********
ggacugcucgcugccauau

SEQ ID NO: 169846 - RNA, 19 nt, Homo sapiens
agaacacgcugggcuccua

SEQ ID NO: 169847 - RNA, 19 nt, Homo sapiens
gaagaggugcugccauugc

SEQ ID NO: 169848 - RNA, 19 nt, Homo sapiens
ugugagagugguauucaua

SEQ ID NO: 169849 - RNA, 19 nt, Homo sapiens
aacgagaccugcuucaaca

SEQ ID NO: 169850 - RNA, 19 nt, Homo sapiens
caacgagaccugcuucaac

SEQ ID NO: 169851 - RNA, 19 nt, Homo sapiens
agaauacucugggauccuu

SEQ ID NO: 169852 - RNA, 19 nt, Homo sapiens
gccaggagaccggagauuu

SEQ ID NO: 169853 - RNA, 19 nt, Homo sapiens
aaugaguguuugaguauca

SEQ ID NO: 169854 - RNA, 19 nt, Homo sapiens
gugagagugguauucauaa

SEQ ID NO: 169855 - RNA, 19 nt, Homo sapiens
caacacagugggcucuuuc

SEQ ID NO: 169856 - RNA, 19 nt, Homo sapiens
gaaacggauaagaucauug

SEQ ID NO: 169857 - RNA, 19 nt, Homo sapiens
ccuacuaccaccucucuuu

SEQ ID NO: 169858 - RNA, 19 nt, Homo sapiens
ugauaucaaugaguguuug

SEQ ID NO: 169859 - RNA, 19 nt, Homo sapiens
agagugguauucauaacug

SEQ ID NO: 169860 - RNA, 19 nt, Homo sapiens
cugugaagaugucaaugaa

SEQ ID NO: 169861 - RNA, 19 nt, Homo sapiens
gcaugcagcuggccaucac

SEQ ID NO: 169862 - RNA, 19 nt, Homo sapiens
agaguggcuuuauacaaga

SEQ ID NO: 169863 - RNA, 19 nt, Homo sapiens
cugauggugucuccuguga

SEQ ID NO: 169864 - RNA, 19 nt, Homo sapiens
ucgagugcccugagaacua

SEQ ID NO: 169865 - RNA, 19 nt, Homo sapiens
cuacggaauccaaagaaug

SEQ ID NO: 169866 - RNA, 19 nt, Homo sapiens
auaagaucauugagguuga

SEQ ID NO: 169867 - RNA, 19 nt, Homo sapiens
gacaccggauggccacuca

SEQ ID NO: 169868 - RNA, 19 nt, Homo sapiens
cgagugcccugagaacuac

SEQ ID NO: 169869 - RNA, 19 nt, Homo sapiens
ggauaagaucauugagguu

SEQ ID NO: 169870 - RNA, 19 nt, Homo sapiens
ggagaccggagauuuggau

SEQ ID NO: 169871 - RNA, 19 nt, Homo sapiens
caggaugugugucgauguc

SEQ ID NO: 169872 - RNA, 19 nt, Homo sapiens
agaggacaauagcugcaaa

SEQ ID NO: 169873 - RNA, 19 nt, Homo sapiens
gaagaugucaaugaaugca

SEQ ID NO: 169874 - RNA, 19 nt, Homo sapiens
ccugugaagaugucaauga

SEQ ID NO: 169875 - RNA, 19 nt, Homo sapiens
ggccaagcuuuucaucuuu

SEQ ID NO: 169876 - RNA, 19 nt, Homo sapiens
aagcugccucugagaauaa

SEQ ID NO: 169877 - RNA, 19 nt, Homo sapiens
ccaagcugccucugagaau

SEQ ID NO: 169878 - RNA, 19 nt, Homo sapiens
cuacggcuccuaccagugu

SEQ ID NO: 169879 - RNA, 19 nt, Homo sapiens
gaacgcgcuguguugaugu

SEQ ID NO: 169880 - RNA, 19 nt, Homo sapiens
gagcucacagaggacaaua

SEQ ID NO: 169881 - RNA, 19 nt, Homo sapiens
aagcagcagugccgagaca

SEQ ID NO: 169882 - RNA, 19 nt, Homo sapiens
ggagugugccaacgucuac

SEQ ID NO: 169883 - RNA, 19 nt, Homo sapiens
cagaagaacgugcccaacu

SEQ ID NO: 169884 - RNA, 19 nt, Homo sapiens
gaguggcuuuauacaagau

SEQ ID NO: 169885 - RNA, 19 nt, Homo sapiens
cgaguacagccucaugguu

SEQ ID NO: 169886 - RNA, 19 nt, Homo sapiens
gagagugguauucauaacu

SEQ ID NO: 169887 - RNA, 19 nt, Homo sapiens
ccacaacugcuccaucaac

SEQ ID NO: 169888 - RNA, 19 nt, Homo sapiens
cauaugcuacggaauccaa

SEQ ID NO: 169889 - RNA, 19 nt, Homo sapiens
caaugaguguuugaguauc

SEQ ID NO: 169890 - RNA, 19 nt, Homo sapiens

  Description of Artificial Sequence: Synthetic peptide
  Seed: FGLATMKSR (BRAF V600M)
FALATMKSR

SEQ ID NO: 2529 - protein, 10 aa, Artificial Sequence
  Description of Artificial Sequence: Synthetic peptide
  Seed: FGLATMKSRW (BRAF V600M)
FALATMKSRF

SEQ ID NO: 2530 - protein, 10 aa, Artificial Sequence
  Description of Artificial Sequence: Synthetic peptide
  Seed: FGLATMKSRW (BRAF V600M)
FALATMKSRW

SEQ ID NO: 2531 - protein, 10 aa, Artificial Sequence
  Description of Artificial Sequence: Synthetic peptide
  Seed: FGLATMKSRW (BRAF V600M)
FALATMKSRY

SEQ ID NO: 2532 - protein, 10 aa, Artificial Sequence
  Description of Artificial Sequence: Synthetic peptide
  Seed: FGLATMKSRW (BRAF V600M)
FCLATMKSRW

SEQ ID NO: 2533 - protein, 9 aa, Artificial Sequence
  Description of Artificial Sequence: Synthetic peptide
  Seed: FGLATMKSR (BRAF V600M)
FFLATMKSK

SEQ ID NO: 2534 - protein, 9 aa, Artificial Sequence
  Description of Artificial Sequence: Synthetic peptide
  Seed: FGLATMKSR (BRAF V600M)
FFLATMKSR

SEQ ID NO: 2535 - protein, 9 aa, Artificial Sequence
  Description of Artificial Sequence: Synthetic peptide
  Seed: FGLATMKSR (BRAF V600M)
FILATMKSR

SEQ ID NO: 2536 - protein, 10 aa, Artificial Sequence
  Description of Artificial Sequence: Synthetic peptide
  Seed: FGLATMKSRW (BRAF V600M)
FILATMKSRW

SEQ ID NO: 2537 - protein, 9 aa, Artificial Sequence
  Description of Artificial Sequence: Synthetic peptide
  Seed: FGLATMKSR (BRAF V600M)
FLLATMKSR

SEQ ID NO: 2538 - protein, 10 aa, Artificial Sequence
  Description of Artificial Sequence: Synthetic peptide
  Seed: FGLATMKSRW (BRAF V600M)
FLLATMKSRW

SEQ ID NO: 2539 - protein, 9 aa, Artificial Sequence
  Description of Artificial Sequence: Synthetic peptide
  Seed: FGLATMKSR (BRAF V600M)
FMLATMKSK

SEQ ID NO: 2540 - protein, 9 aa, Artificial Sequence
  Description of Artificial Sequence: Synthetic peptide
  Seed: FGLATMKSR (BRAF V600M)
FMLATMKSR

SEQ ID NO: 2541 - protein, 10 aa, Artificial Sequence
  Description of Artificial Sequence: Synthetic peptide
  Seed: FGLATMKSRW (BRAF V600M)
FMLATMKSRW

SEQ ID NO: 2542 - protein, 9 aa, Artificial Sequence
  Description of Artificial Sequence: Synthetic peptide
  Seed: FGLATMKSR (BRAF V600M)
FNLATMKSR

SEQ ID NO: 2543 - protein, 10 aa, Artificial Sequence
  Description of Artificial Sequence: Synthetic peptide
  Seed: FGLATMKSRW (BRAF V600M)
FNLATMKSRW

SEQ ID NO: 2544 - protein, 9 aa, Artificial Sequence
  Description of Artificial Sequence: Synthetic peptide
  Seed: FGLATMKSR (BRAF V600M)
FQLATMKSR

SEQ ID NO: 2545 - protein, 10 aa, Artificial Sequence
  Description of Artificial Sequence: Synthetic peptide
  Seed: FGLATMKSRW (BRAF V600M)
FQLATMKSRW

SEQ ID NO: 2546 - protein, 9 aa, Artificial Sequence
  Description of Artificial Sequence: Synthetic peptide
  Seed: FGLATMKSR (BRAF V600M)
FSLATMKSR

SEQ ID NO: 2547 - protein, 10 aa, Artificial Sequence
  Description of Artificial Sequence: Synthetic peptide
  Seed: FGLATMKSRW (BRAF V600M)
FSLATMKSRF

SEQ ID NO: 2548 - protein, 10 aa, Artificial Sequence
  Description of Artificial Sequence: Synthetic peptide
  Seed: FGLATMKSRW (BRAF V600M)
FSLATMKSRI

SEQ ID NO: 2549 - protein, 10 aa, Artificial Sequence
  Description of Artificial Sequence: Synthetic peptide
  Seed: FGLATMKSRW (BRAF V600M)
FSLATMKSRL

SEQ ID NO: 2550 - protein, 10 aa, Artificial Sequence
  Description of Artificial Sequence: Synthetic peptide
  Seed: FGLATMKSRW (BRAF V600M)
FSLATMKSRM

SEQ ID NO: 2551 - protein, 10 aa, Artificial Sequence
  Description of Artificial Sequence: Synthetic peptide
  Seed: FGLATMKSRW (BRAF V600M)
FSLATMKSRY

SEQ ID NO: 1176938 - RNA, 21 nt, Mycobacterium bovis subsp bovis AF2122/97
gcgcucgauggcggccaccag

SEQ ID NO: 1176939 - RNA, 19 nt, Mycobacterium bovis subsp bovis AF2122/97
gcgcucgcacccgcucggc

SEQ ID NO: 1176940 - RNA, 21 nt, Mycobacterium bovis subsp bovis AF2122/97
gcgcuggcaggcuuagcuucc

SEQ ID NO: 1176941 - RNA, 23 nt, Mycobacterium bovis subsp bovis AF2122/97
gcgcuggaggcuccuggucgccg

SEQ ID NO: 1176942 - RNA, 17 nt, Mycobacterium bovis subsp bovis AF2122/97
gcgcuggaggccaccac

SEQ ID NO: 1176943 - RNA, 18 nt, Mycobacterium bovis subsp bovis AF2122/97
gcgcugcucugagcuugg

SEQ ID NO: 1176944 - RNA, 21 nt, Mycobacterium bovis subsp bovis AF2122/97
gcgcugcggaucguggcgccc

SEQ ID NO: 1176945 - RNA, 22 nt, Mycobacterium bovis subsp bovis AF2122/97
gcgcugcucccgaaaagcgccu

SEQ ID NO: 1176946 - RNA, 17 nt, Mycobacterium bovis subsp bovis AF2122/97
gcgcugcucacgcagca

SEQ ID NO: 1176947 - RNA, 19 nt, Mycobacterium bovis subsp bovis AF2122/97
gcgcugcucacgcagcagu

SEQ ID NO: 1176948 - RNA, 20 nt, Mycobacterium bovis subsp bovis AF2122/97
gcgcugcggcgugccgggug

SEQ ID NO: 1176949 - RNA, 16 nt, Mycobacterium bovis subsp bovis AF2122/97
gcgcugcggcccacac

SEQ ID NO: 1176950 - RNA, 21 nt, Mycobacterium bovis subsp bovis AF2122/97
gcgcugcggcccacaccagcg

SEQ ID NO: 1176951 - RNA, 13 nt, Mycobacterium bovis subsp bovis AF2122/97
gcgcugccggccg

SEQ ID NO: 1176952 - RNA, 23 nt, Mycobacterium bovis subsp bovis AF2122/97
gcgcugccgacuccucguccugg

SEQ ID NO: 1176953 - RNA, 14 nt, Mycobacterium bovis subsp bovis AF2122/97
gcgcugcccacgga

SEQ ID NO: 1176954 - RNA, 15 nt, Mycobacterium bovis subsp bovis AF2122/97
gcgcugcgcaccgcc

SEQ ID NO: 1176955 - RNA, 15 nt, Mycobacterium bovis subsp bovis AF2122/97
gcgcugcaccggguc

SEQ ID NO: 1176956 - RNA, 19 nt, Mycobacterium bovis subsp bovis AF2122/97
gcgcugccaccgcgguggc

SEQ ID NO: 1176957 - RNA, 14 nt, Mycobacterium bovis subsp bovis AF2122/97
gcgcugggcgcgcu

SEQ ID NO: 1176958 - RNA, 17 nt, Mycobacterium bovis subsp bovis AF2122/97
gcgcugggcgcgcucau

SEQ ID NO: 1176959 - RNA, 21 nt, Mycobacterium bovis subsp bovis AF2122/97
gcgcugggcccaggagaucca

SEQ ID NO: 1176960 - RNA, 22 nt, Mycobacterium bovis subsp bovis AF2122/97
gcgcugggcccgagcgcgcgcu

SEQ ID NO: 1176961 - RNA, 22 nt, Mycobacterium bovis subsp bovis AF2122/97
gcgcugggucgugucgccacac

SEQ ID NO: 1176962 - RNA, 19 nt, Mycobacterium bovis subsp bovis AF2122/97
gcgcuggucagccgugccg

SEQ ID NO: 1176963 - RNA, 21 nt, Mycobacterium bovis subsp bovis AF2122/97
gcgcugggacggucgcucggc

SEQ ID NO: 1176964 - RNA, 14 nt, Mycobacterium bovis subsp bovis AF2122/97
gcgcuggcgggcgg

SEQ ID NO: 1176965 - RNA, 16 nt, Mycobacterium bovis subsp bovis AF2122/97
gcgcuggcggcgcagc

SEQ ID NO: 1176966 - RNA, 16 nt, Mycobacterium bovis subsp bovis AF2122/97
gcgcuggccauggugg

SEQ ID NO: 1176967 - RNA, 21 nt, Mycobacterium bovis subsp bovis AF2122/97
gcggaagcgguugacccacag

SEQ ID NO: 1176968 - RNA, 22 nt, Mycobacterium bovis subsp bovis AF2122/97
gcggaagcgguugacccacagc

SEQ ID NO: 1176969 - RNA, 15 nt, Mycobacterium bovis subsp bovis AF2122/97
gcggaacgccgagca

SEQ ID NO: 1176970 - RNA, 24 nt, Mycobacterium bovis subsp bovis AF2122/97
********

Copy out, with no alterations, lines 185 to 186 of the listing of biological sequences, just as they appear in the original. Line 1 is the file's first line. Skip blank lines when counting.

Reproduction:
FSLATMKSRY

SEQ ID NO: 1176938 - RNA, 21 nt, Mycobacterium bovis subsp bovis AF2122/97